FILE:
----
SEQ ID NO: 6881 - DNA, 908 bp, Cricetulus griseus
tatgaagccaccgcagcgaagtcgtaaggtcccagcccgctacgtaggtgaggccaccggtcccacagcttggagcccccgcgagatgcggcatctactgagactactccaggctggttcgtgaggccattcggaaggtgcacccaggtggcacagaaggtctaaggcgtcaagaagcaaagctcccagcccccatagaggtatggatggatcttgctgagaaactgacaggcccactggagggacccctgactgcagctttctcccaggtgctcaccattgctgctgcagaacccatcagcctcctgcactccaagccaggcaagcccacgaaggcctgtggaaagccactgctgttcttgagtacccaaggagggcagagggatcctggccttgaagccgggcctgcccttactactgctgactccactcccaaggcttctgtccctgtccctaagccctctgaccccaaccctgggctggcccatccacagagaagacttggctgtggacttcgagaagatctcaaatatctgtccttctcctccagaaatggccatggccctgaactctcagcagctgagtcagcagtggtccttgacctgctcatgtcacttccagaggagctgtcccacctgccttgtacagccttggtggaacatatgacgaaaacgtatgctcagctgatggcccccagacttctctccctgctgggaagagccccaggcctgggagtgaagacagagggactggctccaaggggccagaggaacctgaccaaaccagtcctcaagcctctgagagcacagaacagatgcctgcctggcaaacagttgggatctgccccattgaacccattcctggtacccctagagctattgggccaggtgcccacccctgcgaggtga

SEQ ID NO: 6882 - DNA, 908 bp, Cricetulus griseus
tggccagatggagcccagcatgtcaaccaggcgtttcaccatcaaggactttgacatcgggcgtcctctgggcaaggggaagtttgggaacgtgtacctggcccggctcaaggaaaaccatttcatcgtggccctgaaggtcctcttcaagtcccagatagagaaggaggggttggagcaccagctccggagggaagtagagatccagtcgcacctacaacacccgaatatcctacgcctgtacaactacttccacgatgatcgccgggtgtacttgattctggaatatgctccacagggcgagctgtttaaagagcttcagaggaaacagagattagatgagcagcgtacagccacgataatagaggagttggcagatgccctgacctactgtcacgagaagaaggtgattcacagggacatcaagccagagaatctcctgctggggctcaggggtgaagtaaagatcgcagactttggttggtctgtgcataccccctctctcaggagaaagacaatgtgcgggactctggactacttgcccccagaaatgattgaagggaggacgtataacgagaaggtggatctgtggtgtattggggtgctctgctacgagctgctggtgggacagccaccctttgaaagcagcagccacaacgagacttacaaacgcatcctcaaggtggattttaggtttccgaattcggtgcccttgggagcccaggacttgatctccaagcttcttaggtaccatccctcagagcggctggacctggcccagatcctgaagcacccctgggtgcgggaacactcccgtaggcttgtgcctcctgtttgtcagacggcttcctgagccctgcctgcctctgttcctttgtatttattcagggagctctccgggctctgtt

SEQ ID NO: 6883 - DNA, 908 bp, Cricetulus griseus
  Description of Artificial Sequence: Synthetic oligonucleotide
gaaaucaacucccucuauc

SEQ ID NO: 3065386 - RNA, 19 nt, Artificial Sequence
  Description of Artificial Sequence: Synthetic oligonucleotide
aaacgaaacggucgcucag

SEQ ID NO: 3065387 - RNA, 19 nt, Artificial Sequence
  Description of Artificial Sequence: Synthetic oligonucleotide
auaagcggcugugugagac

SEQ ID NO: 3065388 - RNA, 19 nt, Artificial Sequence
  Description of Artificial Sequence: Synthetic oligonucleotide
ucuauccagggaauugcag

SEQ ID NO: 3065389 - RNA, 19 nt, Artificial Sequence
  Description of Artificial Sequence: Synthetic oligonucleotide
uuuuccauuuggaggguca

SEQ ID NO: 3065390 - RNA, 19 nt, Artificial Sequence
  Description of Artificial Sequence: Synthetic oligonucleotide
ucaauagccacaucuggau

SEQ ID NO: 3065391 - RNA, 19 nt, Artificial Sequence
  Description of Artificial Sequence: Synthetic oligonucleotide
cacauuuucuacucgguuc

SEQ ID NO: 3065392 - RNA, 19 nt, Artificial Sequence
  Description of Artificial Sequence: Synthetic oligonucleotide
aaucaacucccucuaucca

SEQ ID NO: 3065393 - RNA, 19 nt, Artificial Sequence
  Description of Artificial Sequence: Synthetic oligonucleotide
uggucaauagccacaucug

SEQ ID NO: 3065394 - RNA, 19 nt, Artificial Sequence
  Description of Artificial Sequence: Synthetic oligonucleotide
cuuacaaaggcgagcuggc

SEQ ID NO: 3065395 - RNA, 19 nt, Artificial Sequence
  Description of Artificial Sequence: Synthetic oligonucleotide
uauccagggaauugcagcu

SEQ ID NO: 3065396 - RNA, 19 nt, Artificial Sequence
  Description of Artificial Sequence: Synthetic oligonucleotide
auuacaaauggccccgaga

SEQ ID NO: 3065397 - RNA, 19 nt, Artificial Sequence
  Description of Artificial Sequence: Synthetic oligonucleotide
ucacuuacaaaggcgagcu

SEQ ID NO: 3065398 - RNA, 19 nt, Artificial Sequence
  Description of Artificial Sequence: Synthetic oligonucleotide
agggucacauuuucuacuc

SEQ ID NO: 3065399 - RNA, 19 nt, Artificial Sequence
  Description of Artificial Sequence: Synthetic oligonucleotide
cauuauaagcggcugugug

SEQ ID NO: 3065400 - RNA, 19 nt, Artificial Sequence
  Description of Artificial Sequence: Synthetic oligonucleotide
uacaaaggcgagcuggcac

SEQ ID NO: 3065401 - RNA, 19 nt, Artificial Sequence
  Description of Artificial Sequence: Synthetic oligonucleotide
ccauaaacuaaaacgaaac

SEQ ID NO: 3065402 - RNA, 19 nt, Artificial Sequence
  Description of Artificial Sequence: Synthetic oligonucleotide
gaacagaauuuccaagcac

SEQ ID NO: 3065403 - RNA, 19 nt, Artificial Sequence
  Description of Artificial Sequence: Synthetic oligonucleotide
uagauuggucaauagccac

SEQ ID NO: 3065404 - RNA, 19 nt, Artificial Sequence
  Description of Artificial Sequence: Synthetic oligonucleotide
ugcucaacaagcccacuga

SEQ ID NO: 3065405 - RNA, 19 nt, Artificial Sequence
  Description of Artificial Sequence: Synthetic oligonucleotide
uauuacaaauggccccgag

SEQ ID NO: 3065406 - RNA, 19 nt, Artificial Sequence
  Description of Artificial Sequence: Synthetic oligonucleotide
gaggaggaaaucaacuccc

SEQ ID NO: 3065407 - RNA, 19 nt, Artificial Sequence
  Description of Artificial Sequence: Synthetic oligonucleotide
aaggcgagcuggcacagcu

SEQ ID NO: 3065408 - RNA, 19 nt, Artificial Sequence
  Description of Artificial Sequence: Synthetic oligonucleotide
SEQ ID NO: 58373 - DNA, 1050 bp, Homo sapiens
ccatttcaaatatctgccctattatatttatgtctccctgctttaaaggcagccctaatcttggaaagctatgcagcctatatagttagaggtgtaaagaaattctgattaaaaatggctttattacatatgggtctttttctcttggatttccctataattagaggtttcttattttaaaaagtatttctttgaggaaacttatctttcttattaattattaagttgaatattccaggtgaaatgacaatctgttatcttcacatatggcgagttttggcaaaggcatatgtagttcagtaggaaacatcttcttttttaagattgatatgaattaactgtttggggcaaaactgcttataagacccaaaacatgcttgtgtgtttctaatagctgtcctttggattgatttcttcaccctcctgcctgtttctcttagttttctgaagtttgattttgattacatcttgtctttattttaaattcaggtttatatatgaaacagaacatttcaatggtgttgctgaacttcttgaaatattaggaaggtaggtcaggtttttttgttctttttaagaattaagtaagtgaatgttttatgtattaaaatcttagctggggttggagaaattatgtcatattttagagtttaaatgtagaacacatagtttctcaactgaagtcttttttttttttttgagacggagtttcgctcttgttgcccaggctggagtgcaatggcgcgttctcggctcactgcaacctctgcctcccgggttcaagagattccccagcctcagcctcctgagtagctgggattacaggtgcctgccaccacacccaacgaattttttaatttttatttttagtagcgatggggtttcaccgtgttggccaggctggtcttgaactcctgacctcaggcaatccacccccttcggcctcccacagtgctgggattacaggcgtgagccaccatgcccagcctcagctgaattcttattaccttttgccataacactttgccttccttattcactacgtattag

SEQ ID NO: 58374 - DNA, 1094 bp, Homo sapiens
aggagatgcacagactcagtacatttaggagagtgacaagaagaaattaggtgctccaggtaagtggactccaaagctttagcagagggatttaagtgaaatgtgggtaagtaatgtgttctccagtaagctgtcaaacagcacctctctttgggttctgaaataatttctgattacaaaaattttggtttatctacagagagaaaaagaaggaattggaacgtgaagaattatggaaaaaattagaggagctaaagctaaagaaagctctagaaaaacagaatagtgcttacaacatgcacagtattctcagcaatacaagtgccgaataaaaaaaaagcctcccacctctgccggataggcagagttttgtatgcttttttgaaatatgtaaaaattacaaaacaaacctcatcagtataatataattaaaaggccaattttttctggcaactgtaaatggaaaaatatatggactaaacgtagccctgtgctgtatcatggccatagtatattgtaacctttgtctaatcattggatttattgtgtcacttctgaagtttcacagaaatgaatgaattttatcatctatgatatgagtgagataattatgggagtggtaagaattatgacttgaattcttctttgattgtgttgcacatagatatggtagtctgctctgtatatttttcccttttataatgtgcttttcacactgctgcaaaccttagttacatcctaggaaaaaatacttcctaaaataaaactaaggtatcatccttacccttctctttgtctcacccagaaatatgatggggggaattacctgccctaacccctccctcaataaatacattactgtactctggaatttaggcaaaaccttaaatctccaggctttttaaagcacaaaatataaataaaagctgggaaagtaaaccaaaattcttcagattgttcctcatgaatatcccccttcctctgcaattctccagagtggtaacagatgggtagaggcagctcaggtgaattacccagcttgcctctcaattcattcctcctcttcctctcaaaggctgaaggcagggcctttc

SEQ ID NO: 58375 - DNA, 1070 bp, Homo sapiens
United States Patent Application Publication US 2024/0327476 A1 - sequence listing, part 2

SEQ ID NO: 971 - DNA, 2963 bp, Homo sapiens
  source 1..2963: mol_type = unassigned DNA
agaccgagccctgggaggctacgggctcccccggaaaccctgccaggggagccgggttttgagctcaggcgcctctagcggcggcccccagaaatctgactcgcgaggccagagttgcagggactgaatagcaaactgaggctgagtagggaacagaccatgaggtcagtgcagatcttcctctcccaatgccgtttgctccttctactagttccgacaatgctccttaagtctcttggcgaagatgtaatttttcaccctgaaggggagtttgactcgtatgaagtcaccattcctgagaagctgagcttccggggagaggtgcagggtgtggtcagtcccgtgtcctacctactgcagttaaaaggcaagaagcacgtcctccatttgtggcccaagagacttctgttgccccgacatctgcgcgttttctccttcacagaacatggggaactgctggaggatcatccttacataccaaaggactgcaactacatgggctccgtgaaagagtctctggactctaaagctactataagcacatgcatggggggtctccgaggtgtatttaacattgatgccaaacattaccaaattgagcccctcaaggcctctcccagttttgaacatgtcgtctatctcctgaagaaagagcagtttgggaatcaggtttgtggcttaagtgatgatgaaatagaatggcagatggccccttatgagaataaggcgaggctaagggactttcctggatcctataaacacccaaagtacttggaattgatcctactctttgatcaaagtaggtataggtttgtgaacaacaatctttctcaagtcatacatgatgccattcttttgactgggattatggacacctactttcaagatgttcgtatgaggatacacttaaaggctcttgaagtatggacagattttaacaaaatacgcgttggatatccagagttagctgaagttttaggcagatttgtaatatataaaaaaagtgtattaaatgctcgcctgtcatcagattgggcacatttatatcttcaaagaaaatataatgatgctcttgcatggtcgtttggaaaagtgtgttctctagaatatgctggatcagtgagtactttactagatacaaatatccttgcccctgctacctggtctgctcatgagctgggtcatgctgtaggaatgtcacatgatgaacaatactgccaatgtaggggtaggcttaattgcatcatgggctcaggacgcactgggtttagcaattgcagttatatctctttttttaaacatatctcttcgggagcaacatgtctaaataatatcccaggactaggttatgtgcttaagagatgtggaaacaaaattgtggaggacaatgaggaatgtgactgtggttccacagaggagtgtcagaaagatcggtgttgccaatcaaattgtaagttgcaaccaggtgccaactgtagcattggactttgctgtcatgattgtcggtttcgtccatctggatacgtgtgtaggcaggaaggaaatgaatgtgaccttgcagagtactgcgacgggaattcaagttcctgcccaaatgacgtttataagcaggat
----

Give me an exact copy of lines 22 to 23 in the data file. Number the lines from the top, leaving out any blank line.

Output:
ucaauagccacaucuggau

SEQ ID NO: 3065391 - RNA, 19 nt, Artificial Sequence